So welcome to Twitter, Mr. Jackson. And thanks for sharing your thoughts on the end of an unforgettable season for Syracuse basketball fans. We’ll see Boeheim back as coach in the ACC next year — and I’ll be back with more lipreading tweets during games. And hopefully we’ll all see Jackson back coaching in the NBA soon.
Is Syracuse basketball coach Jim Boeheim retiring? Yes, eventually. Is he retiring at the end of the 2012-13 season? Possibly.
The 68-year-old curmudgeon captain has more than 900 wins, all of them with the Orange(men), and all good things must come to an end eventually. But hopefully this isn’t how it ends.
A tweet posted by @SyracuseU, the official Twitter account for Syracuse University, wrote: “Did I just watch Jim Boeheim’s last game in the Carrier Dome? One source says yes.” It included a link to DYST Now, which stands for Did You See That?! and claims to be “Syracuse’s First All-Sports Newspaper.”
Truthfully, it’s a blog. Written by a college freshman at Onondaga Community College. Whose bio says he’s “been fortunate enough to interview several famous people/players such as famous broadcaster, Bob Costas, the first African American NBA player, Earl Lloyd, NFL player, Chandler Jones, as well as many more professional and collegiate athletes.”
The blog entry that SU’s tweet linked to is filled with similar punctuation and grammar errors. It claims “a source close to DYST Now” told the blogger that Syracuse has asked Boeheim to retire in the wake of another unsubstantiated rumor that Athletics Director Daryl Gross is meeting with the NCAA about violations related to last year’s team. At the end, it promises readers “We’ll have update you more as more of this story comes out.”
In other words, DON’T BELIEVE A WORD OF IT.
But the fact that @SyracuseU tweeted a link to it threw a can of gasoline on the fire, leading to a report on Deadspin and likely countless other major sports reporting outlets. As Deadspin even notes, “Everything about this is weird, and the @SyracuseU tweet has since been deleted. The DYST Now page is certainly of questionable authority, but why did Syracuse link to it?”
The answer is that Syracuse University, like many other brands, lets students handle the brand’s official account. This is a mistake. A student made a similar mistake for the school when they tweeted about how excited they were to eat some Chick-fil-A over November break on @SyracuseU’s account. Not only is there no Chick-fil-A restaurant within 100 miles of Syracuse, N.Y., the chain also hasn’t been cast in a favorable light public relations-wise recently.
Basically, it happens when social media accounts are shared by multiple users, where people accidentally post stuff they meant to put on their personal account.
As public relations firm Tanner Friedman writes, “This trouble didn’t start at the moment of careless students tweeting. It started because our culture has anointed college students as ‘social media experts.'” Students should not be managing accounts that represent a professional brand, especially one that’s worth millions of dollars.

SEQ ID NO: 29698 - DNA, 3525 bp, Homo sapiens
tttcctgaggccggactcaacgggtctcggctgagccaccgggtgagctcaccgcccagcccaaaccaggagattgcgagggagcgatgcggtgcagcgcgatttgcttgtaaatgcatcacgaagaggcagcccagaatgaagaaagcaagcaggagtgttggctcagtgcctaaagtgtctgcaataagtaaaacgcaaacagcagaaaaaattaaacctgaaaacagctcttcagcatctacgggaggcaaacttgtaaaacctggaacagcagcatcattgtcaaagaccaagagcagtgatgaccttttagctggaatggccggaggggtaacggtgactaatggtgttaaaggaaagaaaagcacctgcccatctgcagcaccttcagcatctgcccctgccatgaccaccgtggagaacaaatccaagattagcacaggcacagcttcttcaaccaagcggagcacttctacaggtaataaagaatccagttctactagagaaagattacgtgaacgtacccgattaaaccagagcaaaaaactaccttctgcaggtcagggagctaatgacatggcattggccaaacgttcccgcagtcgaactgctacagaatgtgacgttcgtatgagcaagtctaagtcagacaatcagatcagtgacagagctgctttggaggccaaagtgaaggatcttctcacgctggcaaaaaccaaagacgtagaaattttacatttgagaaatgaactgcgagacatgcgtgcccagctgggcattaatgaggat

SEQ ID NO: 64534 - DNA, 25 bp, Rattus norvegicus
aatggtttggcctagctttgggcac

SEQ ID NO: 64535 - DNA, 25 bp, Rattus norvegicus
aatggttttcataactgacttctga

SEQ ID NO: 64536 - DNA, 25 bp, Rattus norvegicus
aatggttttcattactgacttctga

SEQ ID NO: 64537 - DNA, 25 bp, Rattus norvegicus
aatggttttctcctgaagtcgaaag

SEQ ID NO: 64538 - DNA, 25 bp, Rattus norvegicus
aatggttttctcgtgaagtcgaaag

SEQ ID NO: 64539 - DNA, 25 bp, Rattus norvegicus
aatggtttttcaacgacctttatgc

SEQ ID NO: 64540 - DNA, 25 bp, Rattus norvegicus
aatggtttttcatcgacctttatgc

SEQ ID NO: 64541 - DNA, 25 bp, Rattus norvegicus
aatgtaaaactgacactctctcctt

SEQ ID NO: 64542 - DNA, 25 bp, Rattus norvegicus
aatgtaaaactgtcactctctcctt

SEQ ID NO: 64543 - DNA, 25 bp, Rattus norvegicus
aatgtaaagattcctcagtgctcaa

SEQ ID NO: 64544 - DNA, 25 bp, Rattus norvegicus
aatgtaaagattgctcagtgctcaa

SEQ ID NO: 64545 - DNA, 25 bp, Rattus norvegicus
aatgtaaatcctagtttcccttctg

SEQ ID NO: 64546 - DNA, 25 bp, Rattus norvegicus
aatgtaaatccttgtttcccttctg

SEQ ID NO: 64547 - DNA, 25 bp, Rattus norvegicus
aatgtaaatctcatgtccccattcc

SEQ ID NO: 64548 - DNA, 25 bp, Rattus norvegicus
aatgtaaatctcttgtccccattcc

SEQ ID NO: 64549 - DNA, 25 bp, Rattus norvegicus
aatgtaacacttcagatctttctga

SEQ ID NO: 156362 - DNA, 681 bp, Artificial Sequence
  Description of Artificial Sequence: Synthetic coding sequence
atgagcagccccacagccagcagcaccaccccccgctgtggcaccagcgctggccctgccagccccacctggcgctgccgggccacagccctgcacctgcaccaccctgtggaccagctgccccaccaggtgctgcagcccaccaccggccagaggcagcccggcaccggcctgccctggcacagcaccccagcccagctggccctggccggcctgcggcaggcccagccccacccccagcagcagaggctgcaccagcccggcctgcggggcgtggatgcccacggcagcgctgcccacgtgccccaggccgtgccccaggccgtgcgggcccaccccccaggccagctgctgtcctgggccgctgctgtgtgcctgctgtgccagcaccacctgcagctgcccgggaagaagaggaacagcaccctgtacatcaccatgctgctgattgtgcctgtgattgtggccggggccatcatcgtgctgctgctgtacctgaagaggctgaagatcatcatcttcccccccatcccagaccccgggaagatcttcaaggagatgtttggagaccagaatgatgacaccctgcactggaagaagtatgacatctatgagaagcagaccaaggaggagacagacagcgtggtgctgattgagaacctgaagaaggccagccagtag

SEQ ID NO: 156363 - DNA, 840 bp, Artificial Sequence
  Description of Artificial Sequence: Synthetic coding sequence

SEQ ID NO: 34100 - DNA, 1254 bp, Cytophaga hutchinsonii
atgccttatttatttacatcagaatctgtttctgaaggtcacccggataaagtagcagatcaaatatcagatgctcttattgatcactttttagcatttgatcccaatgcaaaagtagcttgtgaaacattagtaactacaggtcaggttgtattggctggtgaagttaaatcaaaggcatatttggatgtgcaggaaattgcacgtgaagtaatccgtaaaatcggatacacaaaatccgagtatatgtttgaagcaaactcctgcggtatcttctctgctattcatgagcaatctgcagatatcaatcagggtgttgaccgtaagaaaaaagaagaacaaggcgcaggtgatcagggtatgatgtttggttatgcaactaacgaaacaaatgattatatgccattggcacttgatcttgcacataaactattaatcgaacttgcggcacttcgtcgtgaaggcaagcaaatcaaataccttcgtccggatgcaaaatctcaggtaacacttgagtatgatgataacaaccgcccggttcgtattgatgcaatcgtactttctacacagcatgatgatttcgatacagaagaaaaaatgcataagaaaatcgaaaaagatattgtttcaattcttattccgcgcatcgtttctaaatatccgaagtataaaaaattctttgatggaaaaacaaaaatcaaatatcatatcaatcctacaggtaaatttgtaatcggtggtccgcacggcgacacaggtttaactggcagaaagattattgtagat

Of course professionals can make mistakes, too. Professionals are people, and “to err is human.” But when a mistake is made, a professional can correct it quickly and handle the ensuing PR crisis or face the risk of losing their job. If a student mis-tweets, they’re not going to be kicked out of school.
In conclusion, do not worry about Jim Boeheim. He’s leaving eventually, and Syracuse alumni and fans will have to deal with that, but not now. At the very least, the Orange have an NCAA Tournament to worry about first.
And if you need further reassurance, SU spokesman Pete Moore told the Syracuse Post-Standard it’s not true.
Update: A little more than two hours after the Twitter drama started, @SyracuseU posted an official statement: “#OrangeNation: Earlier tonight a tweet was mistakenly sent. Nothing in the tweet was true or accurate and we apologize for the confusion.”
Update No. 2: The gaffe has now become an Associated Press story, and the 19-year-old author of the blog post tells The Post-Standard he’s sticking by his report, claiming his unidentified source also proved to be right about Dion Waiters going pro.
Update No. 3: Some have told me they still believe students should manage the school’s official Twitter account, because they’re students and should be able to learn. My opinion? Let them create an account for a fake brand and learn that way. A brand’s official social media account is, in today’s world, the same as an official spokesperson or public relations director — which are never students. A professional can respond to the mistake faster and minimize the damage before a non-story becomes a story, and be held responsible whereas a student won’t be fired or expelled. And, again, this isn’t the first time this has happened. As TNIAAM points out, a @SyracuseU tweet in 2011 violated NCAA guidelines when they celebrated DaJuan Coleman coming to ‘Cuse before he had signed a letter of intent.